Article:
How do you get a star on the Hollywood Walk of Fame?

25 Feb

Every so often when I’m flicking through a tabloid magazine I come across photos of a ceremony to induct a celebrity into the Hollywood Walk of Fame.

The most recent, just this month, was a ‘humbled’ and ‘grateful’ Jennifer Aniston, whose career only seems to be going from strength to strength. But some of the rolecall she joins are just puzzling. I mean, no disrespect, but who are Rod La Rocque and Klaus Landsberg?

Anyway, with about 24 induction ceremonies held annually, I wondered how stars got a guernsey. And the process is this.

Nominations are judged once a year in the categories of Motion Pictures, Television, Radio, Recording and Live Performance/Theatre. Once a star is chosen a fee of $30,000 is payable for the creation and installation of the star, as well as walk maintenance.

They then have five years to schedule their ceremony. Here’s some other facts I discovered…

• Anyone, including a fan, can nominate a celebrity for the walk, as long as their management agrees.
• Dead stars can’t be nominated for the posthumous award until five years after their passing.
• The stars themselves are made of terrazzo and brass.
* The idea for the walk came from EM Stuart, who was volunteer president of the Hollywood Chamber of Commerce in 1953.

Find out more here.

What inspired Cold Chisel’s hit Flame Trees?

22 Feb

I am lucky enough to be able to say that Icehouse was my very first concert and Jimmy Barnes was my second.

Now to some people, this would sound like the perfect introduction to live shows, and Aussie music at its best. But sadly, I can only report on one of them. And it’s not the Working Class Man. Here’s why …

In heartbroken-teenage circumstances best left undescribed, I had decided to make Jimmy’s concert my first real introduction to alcohol. And by the time we left for the gig, I had drunk the best part of half a bottle of vodka. Straight.

By the time we reached the venue, I had already begged (several times) to be left alone on a traffic island to sleep. So it’s no surprise the staff took one look at me and ferried me off to the sick bay. Where I remained until I made it out for the last two songs, although I could not hope to tell you what they were.

While the consequences at the time weren’t great, in the years since I’ve come to look back on the incident as a sort of homage to Barnesy, who was then a big fan of drinking himself. And I was reminded of it as I drove home from work tonight and the classic Cold Chisel tune Flame Trees came on the radio.

Though I can’t say it’s my favourite of the band’s songs – that honour goes to Khe Sanh and When The War Is Over – I have always loved its lyrics. So I decided to find out what inspired them.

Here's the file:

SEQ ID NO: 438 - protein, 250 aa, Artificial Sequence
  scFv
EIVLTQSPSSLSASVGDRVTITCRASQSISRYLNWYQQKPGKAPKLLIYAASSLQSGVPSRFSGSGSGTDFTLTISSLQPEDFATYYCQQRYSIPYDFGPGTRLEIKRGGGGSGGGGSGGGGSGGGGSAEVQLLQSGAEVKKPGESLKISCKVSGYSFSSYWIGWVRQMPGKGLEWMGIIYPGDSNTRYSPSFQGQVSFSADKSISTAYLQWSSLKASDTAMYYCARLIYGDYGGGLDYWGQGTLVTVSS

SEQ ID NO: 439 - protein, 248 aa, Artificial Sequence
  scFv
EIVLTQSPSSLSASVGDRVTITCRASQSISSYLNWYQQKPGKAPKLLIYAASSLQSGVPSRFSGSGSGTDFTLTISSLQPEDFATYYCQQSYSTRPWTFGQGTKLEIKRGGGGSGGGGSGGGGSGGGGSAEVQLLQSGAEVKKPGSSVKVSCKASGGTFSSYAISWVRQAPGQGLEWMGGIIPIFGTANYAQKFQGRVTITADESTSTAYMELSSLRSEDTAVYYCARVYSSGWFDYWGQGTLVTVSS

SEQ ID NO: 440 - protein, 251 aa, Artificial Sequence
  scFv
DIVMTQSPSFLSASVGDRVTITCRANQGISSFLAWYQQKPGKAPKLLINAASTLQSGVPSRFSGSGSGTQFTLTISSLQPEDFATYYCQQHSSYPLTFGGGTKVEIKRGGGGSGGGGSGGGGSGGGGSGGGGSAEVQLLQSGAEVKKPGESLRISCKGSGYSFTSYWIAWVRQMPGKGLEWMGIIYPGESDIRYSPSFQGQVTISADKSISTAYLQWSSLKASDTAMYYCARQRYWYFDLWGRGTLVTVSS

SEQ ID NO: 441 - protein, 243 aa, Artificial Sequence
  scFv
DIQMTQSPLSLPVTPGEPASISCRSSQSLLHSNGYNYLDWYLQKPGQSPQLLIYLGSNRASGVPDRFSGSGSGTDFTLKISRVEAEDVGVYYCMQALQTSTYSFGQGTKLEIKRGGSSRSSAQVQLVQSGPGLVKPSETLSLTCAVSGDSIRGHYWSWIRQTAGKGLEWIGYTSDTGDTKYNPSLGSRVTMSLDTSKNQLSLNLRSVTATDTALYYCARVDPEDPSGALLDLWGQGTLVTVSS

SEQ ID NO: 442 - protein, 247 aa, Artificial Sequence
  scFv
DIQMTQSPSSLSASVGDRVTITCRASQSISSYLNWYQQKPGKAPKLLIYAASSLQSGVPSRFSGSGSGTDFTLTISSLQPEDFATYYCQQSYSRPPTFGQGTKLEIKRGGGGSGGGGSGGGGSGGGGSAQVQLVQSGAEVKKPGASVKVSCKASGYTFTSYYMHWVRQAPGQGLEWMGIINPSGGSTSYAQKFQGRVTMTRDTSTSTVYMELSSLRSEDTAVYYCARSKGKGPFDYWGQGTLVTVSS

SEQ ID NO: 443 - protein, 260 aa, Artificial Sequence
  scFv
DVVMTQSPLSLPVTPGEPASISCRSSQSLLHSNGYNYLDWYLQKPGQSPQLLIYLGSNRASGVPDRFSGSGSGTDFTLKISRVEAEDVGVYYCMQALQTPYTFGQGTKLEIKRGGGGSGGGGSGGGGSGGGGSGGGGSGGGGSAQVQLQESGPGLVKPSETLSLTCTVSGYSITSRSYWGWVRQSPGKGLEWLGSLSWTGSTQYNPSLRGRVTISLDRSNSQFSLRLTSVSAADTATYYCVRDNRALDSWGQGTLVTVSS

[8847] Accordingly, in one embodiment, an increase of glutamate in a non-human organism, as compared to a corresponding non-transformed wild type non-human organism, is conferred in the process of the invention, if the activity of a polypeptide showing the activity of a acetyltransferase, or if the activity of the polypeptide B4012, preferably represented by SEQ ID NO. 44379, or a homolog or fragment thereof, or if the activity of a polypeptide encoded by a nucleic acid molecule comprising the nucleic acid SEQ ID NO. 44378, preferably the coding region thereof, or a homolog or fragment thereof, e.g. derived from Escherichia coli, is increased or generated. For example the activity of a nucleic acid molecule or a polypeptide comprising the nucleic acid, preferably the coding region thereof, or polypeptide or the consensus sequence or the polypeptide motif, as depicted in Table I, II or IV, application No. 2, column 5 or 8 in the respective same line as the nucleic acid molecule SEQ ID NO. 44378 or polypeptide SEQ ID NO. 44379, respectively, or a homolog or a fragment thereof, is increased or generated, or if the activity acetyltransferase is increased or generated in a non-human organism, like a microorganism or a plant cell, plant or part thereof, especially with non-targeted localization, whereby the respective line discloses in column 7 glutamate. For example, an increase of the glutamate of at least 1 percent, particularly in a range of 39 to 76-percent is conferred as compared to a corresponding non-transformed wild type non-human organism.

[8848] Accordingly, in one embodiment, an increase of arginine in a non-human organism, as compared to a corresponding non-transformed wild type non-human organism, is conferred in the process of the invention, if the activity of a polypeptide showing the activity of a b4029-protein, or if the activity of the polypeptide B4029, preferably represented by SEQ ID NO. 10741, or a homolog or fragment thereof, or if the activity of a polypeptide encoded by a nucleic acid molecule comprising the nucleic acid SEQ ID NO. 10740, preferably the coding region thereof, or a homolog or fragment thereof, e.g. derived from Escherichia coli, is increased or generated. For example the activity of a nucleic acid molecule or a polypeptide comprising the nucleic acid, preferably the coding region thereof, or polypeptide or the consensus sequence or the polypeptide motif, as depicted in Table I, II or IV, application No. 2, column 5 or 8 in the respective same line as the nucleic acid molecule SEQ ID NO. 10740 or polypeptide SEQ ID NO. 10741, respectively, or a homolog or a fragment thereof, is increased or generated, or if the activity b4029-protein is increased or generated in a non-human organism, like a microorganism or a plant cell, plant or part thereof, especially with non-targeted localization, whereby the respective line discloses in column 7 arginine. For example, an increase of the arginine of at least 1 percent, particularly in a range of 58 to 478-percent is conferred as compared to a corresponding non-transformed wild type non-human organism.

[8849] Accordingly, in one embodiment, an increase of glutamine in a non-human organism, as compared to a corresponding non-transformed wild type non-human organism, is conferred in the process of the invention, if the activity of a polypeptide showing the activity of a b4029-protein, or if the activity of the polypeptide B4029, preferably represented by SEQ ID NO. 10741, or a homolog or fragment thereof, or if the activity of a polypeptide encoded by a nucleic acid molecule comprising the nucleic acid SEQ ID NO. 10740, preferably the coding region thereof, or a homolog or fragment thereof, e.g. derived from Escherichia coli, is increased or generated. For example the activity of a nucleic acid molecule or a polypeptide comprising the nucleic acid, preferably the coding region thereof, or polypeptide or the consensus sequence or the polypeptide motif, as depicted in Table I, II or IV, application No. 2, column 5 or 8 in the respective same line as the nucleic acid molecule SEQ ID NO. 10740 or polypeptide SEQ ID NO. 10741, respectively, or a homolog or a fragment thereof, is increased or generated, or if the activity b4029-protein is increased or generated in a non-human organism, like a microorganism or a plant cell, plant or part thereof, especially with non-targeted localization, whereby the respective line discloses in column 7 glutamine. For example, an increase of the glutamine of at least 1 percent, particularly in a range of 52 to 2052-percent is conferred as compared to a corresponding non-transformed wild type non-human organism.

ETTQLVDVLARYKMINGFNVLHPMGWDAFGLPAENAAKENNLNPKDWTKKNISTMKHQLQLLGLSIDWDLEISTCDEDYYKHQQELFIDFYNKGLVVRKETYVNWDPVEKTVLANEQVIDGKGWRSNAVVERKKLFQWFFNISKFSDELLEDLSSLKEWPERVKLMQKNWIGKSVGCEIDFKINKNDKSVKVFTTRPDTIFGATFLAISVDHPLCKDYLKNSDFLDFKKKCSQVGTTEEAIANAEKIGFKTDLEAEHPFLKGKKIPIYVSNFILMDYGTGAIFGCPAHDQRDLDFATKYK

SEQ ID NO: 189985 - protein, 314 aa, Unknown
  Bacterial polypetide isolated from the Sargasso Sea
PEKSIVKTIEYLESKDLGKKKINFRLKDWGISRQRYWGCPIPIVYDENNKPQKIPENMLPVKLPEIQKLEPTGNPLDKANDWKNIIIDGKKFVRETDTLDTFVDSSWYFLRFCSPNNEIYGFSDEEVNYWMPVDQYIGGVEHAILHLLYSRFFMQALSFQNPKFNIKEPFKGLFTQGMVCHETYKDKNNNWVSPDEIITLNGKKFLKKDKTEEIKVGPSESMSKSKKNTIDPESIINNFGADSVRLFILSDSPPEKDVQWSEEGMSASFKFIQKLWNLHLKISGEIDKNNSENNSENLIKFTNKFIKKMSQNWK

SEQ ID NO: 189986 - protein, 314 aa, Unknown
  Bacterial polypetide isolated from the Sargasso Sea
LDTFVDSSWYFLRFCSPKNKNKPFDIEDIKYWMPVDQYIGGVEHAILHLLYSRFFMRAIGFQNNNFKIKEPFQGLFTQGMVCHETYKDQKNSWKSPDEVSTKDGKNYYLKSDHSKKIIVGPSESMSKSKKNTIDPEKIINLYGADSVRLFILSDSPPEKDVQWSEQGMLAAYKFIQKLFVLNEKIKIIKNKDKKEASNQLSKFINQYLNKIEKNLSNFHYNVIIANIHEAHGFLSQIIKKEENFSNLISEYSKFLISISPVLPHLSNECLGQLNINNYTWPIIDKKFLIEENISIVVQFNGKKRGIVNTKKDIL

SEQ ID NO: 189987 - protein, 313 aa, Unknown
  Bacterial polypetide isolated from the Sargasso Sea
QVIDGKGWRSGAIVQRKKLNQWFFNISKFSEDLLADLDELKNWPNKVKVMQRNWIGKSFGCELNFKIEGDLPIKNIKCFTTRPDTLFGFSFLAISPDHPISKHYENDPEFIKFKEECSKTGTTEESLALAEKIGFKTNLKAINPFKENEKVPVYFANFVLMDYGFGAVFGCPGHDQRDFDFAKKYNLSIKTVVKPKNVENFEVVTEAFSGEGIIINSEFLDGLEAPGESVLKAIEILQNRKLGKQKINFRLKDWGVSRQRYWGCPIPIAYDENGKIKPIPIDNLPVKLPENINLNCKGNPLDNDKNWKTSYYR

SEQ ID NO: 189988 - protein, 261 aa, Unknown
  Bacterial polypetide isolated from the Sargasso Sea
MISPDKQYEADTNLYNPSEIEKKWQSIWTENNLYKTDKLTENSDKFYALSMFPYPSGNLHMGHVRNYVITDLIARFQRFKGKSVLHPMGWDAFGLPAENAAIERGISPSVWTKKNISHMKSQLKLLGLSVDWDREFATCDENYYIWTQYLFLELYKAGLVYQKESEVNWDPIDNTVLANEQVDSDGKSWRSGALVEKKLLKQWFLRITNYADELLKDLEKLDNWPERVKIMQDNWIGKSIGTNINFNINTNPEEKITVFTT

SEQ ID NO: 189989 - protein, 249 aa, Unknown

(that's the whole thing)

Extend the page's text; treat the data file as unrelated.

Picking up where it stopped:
And the answer, found in liner notes penned by music journalist Toby Cresswell, came from the band’s own website, which reveals the track was …

“Written about Grafton, where Don spent most of his formative years. The song was inspired by a girl whom Don had known in his youth and who “doesn’t live there anymore”. Grafton is actually known as the Jacaranda City but it had acquired flame trees as a result of a television program called The Flame Trees of Thaw, which starred Hayley Mills, an old flame of the lyricist’s dreams, and the flora stuck. It’s a song of lost love, of mortality and what’s left behind. Steve Prestwich’s melody and Don Walker’s words.” Their last hit before disbanding (although fortunately for us they eventually changed their mind).

I thought this was a great insight into the band. So I decided to look into the inspiration behind some of its other songs, And here’s what I found….

Rising Sun 
Jimmy’s vow of love for Jane, who was later to become his wife.

You Got Nothing I Want 
The response to a visit to America where their record label couldn’t have been less interested in the band or its East album.

But the most surprising of them all was Choir Girl. I had always assumed it was about a prissy schoolgirl discovering the joys of sex, but it’s actually about a girl facing an abortion. Powerful stuff and one of Don Walker’s few songs written from a female perspective.

But back to those Flame Trees

Who is the rude band in Old School and Starsky & Hutch?

12 Feb

Hollywood has produced some wonderful wedding singers.

Just look at Steve Buscemi’s heartfelt warbling of True in the Adam Sandler movie that celebrates the profession.